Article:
2. Carry a water bottle, not only for emergency hydration, but also to flush contaminants from wounds, eyes and abrasions.

    3. Lastly, the 'odds & ends' - regular bandaids of various sizes and shapes, Sting-eze for insect envenomation, scissors, various medications such as Imodium (extreme diarrhea), ibuprophen, an anti-histamine (any OTC allergy medicine), etc.

    4. Keep in mind that these are all 'tools.' You must never use them unless you've invested in training first. The best way to manage injuries or illness is to avoid them. Keep your primary cell phone where you can reach it with either arm, and take the previously expired one, charge it up, and place it in the Med Kit. Even without an activated contract, you can dial 911 and get the Sheriff's Office in any county in the USA, and summon help.

    5. Wear 'dog tags' (you can make then at any Walmart where they have the machine for … literally a tag for your dog) - list your name, an emergency contact person/number, drug allergies, and DOB.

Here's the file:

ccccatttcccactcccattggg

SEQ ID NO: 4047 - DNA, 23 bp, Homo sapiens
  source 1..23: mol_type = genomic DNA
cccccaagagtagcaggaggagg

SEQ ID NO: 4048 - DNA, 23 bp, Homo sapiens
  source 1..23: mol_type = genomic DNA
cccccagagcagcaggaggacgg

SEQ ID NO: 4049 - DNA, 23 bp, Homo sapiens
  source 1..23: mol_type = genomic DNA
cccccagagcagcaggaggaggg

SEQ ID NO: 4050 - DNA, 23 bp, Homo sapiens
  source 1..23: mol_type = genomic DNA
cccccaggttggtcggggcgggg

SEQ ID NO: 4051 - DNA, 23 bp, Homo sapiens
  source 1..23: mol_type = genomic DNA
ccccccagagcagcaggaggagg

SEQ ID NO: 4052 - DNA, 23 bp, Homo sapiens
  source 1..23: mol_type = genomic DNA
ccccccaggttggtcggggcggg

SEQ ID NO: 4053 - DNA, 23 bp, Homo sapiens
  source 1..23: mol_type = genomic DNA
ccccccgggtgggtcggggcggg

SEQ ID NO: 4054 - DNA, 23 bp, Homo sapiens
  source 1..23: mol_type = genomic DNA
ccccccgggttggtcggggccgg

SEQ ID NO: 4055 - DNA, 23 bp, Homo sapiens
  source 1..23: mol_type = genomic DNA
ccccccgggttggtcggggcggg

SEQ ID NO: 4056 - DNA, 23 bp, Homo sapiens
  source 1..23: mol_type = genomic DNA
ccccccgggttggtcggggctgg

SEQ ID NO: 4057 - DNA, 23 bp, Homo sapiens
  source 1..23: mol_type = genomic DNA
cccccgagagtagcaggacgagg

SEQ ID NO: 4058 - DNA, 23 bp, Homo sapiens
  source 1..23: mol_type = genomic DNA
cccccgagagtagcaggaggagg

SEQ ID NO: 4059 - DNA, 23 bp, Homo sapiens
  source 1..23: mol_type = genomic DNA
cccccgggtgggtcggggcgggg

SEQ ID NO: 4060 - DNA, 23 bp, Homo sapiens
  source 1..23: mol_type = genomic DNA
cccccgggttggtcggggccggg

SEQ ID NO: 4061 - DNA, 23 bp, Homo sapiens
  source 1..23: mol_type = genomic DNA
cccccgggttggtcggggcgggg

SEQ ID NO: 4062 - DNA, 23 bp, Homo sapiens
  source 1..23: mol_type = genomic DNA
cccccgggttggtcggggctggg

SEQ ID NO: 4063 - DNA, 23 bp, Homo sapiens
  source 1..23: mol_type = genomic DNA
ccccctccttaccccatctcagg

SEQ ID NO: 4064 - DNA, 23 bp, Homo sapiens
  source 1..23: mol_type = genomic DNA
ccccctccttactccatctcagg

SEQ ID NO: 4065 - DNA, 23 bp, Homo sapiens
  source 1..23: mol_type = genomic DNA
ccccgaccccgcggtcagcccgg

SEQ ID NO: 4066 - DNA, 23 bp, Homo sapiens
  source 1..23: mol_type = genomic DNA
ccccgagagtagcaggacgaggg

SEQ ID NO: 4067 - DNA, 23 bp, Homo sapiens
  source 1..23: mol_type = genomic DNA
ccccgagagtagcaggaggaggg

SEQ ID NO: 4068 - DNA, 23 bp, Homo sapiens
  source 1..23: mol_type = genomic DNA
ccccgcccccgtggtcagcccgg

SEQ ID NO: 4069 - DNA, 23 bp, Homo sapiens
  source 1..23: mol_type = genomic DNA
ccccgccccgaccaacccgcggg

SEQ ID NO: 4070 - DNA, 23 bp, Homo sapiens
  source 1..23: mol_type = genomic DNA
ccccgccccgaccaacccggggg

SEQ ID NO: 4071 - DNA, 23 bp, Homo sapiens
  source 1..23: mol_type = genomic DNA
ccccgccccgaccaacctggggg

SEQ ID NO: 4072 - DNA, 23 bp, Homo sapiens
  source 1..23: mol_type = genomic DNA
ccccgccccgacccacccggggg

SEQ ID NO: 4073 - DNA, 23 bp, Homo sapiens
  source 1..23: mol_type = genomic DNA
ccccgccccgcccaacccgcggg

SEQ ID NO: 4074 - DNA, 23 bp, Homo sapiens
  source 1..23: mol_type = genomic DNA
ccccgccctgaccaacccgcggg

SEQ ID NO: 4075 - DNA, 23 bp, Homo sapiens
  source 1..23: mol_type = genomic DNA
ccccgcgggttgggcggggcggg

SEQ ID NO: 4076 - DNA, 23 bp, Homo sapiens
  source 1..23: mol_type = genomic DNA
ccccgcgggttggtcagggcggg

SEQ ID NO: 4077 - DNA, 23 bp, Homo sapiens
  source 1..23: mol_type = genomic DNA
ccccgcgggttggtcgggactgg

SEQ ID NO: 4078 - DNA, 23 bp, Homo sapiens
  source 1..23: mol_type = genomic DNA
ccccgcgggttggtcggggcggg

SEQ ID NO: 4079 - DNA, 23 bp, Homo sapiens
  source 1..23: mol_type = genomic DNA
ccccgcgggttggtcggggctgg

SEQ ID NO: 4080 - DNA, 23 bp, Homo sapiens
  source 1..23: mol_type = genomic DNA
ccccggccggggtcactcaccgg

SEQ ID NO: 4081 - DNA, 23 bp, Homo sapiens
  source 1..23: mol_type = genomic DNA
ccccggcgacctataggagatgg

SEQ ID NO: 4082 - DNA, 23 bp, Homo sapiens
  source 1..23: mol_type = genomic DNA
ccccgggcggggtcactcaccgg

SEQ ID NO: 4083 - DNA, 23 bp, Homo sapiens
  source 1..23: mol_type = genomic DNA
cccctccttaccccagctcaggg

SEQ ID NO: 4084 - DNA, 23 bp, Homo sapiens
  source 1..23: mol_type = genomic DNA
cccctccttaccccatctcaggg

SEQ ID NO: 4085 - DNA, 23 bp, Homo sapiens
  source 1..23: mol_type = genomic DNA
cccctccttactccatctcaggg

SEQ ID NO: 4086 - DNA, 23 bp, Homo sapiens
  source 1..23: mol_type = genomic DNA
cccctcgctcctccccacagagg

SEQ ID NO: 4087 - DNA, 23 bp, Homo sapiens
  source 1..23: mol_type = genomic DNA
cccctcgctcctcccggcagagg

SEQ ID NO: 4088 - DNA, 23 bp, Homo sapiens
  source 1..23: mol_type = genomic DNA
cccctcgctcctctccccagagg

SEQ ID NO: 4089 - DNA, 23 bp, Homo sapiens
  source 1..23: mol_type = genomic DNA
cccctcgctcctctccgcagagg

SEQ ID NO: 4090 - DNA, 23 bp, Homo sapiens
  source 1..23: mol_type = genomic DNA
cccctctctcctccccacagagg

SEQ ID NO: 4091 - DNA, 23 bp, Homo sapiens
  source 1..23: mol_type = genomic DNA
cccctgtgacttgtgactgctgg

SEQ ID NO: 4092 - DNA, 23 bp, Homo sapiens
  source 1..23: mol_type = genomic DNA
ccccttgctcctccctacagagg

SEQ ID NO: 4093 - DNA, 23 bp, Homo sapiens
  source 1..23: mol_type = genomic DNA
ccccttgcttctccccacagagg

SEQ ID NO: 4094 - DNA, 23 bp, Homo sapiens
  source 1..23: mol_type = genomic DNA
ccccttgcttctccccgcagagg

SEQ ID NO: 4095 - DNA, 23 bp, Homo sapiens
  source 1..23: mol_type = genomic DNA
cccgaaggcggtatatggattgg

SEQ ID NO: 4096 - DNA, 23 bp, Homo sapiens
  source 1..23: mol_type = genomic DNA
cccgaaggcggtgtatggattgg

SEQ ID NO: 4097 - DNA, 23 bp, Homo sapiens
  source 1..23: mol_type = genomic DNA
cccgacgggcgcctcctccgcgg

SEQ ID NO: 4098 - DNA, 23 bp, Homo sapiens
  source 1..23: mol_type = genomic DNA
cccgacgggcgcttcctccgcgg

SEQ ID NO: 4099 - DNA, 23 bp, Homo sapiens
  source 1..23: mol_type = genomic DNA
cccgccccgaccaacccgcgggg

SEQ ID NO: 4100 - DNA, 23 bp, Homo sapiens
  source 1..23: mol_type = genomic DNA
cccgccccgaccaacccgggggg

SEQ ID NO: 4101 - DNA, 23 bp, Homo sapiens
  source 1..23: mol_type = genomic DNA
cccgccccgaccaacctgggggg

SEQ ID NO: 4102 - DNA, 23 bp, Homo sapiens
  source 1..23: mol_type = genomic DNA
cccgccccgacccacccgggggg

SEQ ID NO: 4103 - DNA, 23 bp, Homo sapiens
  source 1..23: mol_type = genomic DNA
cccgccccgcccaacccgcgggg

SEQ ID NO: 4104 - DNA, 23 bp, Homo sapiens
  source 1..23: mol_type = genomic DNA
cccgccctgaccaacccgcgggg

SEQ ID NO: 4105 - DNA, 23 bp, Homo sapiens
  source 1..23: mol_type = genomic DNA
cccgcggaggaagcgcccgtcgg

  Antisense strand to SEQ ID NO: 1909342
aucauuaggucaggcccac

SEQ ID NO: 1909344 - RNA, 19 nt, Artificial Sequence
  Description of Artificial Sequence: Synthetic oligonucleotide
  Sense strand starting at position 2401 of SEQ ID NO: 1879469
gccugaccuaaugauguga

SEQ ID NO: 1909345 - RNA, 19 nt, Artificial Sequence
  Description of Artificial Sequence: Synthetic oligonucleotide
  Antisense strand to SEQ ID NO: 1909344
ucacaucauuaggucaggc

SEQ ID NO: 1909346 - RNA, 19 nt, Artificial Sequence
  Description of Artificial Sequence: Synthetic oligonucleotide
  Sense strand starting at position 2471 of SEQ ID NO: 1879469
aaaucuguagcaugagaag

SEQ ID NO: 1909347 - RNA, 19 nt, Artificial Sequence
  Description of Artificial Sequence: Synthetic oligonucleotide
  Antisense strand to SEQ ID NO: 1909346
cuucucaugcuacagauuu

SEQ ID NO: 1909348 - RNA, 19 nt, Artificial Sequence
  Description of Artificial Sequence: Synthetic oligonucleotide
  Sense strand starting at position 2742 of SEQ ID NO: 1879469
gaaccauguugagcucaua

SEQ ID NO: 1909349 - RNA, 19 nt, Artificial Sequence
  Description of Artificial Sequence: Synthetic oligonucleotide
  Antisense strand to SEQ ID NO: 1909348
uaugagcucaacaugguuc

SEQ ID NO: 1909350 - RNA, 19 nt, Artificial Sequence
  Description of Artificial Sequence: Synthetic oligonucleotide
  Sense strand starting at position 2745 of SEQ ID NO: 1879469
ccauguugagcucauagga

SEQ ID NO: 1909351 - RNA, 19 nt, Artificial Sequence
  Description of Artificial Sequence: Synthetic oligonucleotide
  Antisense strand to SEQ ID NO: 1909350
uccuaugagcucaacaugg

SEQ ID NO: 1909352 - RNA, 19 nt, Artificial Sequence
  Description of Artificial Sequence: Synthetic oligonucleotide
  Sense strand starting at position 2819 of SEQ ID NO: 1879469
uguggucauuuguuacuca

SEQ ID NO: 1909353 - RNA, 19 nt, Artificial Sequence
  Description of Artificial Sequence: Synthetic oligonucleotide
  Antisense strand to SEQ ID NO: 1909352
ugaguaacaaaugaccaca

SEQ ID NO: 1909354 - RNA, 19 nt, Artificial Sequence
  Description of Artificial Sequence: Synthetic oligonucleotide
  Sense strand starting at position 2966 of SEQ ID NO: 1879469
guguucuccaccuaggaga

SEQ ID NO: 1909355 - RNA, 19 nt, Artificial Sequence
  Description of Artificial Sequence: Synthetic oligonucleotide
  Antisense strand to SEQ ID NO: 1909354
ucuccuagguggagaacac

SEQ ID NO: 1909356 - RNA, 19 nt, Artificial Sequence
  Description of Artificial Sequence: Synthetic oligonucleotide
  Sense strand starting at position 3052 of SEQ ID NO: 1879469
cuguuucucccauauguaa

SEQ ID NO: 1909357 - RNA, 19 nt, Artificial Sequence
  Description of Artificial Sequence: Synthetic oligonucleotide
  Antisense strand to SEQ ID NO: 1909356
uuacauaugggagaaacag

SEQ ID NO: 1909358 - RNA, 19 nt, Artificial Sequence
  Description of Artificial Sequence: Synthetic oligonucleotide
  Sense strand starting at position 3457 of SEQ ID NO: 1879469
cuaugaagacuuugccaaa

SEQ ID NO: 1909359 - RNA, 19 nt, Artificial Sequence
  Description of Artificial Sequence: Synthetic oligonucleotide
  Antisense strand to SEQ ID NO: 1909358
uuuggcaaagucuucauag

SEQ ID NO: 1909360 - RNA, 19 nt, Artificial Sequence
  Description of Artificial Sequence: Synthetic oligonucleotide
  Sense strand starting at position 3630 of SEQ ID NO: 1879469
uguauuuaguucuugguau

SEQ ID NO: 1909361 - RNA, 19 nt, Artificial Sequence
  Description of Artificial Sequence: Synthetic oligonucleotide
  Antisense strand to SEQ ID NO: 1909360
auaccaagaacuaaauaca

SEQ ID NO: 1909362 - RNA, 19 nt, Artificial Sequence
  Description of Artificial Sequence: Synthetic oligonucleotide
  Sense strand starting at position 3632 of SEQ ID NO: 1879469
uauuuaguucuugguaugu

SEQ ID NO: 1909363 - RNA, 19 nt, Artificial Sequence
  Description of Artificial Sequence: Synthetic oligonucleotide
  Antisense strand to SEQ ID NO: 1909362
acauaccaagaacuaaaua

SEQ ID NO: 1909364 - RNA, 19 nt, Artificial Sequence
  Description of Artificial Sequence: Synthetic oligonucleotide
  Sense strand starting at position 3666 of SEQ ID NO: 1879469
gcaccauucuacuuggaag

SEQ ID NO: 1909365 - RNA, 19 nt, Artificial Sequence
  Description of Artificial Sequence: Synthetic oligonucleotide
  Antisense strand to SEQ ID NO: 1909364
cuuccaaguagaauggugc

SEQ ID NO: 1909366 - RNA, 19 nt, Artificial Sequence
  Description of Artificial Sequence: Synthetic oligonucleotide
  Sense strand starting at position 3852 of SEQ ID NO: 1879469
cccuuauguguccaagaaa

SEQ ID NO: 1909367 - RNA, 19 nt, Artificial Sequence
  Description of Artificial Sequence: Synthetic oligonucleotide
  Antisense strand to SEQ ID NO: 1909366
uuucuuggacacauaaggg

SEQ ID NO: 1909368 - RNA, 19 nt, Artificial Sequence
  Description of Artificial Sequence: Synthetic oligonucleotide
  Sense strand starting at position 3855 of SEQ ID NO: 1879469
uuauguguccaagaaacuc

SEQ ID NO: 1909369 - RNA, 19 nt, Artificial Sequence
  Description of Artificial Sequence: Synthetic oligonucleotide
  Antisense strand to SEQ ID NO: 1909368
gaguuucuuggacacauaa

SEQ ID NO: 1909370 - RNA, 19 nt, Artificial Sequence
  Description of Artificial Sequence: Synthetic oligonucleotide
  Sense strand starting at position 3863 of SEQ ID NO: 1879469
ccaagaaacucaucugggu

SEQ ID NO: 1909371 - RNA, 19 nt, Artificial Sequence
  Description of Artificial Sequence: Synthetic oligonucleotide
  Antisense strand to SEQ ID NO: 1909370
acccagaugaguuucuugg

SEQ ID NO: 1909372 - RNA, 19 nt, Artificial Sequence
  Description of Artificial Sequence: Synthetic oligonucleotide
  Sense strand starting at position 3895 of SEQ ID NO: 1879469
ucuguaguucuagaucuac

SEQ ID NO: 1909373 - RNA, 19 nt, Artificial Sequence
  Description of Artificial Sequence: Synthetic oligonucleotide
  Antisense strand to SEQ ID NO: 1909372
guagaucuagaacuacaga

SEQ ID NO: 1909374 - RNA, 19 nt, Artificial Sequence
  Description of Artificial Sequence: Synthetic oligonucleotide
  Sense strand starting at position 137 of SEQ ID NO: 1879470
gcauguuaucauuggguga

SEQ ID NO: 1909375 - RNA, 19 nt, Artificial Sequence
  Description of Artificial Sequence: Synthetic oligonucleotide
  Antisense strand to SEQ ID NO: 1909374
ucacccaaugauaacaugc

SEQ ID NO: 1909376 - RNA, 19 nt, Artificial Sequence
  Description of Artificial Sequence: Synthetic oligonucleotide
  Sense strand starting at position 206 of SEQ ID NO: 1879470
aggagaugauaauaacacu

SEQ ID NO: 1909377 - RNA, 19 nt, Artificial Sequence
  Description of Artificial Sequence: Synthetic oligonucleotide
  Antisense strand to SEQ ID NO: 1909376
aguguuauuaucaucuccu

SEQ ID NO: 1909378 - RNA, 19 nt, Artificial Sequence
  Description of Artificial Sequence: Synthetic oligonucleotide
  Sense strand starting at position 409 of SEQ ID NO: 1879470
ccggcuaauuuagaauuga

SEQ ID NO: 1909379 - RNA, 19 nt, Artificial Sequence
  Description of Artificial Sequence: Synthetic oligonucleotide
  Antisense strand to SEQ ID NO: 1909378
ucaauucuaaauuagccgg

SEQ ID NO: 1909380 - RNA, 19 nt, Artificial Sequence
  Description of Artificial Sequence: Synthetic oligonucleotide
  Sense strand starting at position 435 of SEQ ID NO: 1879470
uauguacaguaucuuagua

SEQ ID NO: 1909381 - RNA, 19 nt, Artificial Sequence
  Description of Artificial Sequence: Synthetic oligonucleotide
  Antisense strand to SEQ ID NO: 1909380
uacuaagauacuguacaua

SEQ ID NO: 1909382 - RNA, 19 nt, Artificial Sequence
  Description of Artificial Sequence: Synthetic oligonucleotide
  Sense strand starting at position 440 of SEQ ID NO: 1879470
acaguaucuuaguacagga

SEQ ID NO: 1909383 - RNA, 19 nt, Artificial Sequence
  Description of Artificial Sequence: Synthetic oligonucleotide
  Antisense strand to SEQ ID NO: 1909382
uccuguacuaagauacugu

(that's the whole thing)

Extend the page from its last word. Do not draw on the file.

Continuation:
6. All this can be carried fairly compactly on a bike. Ride ATGATT, ride a route people who care about you know about, and summon EMS immediately after a moderate-to-severe accident - you never know if your injuries are more serious than they appear or if your condition will worsen. Better to dismiss an ambulance you didn't need, rather than wish you had called one sooner.

    7. The American Heart Association and the American Red Cross both offer excellent basic first aid courses. Invest a few hours and a few bucks and have confidence in your ability to self-rescue if need be. Learn CPR and how to assist someone who is choking. Be as road-ready as your bike!

  4. #4
    Fortis Fortuna Adiuvat Omega Man's Avatar
    Join Date
    Jan 2010